Obsidian Fury's sparse accessory count consists of a single pair of alternate open hands, along with her trademark plasma chainsaw weapons. It's not a lot of accessories, but as was the case with Gipsy Avenger (as well as the other Uprising figures) the trade-off for this is of course a much cheaper figure so it isn't all bad. The alternate hands are the same as Gipsy's in that they are moulded with the hands at a 90° angle to the wrist, but with spindly claw-like fingers that are much more befitting of an evil robot housing kaiju innards. Meanwhile the plasma chainsaws can be attached to the figure by first removing the forearm panels, pegging the weapons into place and then placing the panels back on top. It's a lot less fiddly than removing the entire forearm sections like on Gipsy, but unfortunately means there isn't any sort of cross-compatibility between the two figures. So if you were hoping to have Gipsy Avenger wield the plasma chainsaws like she did during the movie's final showdown, you're unfortunately out of luck. Additionally while the translucent orange plastic used for them looks fantastic, it isn't quite accurate to the onscreen model as they lack the gunmetal grey frame running down the centre. Given the price point it's easier to accept minimal accessories with these figures, but not so easy to forgive omitted paint apps - especially when Obsidian Fury barely has any as it is.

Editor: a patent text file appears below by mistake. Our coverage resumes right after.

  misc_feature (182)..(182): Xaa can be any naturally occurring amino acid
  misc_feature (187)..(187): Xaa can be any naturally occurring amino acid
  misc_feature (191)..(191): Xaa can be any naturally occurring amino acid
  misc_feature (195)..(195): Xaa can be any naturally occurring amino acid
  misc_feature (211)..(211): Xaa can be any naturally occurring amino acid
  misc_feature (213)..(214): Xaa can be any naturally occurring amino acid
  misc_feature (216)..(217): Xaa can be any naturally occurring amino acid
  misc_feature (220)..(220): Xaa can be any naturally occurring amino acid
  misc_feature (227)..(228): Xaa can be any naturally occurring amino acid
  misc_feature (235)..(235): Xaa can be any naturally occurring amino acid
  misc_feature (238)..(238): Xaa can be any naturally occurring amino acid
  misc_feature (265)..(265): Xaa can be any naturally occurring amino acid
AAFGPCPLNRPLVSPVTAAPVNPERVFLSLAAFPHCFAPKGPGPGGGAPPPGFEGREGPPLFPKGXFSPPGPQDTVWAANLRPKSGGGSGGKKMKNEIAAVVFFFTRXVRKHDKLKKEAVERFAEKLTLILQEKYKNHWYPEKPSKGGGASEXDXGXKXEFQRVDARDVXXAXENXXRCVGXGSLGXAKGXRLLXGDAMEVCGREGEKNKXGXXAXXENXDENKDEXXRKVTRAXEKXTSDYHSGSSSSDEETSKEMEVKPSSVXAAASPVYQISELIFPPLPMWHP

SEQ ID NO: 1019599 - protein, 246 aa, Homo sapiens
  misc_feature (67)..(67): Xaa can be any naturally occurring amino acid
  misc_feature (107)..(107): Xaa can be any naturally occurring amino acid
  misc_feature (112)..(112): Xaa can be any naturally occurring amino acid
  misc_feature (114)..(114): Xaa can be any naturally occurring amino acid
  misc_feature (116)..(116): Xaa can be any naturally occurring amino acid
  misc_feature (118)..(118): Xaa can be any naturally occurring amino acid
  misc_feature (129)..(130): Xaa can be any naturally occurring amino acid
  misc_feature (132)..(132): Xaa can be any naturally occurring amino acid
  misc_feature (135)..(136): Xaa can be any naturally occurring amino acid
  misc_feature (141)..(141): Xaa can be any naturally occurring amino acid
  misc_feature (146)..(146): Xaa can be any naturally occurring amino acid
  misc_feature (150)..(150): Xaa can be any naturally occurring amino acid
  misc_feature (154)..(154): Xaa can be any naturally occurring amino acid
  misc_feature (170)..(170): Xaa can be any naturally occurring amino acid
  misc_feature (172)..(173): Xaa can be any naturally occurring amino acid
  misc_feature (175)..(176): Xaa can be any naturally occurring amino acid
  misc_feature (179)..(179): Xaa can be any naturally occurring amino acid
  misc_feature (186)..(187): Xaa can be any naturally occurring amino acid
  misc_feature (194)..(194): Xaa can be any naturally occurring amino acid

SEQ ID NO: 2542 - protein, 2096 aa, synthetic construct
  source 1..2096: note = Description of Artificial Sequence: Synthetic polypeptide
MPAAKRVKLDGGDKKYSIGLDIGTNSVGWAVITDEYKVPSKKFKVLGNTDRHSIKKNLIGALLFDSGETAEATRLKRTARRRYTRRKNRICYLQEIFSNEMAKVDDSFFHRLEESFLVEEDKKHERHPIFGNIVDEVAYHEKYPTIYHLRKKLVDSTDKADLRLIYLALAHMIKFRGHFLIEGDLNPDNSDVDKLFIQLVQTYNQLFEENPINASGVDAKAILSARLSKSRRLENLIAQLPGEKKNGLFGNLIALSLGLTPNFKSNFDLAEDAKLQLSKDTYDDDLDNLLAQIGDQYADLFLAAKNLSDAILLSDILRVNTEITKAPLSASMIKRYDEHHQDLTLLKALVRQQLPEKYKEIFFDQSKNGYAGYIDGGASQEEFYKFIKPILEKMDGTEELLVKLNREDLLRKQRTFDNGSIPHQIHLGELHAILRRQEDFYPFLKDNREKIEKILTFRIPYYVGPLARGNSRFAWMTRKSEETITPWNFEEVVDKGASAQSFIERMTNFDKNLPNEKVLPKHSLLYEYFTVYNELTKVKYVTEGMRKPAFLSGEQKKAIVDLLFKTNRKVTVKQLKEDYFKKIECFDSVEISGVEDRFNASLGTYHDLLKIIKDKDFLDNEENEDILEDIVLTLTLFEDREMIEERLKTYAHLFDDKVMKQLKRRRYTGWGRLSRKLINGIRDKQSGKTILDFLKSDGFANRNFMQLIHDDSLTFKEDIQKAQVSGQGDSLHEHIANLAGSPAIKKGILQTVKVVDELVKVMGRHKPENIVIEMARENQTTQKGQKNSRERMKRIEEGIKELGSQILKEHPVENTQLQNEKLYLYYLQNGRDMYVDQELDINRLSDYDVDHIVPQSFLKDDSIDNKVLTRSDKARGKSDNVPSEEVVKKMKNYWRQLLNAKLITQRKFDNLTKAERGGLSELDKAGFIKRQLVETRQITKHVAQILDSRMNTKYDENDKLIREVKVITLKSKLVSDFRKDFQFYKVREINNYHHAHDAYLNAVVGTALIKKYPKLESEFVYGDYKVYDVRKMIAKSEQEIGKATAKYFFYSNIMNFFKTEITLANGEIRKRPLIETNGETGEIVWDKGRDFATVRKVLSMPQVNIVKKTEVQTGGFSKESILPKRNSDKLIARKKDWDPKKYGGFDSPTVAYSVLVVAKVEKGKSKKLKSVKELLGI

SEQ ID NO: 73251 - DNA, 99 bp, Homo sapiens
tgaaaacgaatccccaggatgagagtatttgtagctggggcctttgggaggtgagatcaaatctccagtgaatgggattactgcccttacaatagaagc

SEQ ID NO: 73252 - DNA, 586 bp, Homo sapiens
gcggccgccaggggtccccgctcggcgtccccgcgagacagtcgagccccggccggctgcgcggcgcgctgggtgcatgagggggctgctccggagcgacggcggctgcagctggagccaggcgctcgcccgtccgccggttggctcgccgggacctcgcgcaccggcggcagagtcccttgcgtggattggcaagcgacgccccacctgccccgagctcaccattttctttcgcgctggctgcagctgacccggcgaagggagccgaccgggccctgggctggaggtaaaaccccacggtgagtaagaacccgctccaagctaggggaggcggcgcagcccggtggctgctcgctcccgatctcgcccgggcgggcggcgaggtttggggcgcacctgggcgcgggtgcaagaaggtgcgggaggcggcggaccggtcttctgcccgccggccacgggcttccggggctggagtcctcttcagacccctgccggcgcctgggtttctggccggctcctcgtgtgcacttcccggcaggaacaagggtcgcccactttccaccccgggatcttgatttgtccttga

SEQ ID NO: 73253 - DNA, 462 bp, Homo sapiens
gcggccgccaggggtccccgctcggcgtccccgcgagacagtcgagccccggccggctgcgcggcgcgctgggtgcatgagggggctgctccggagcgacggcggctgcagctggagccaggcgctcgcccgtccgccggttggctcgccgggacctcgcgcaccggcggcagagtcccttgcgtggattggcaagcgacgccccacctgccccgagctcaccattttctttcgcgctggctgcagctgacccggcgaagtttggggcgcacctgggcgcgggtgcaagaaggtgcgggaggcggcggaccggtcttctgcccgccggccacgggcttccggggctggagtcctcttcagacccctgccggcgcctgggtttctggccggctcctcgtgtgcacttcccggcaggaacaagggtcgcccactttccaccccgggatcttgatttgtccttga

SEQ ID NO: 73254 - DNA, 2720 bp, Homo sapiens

Robot Damashii Obsidian Fury is another solid figure in the Pacific Rim Uprising figure line - not quite as strong as Gipsy Avenger but certainly another example as to why the Pacific Rim license is truly at home with Bandai Tamashii Nations. Though slightly more expensive than Gipsy Avenger, Obsidian Fury shows off exactly the same quality sculpting and articulation. However on the other hand if you're paying more for this figure it would have been nice to have a little more to show for it - whether it be via more paint apps or a wider range of accessories. If you're not planning to go all in on the Uprising Robot Damashiis then Gipsy Avenger should still be your number one choice, but if you ever find yourself in need of another one then Obsidian Fury is definitely the way to go.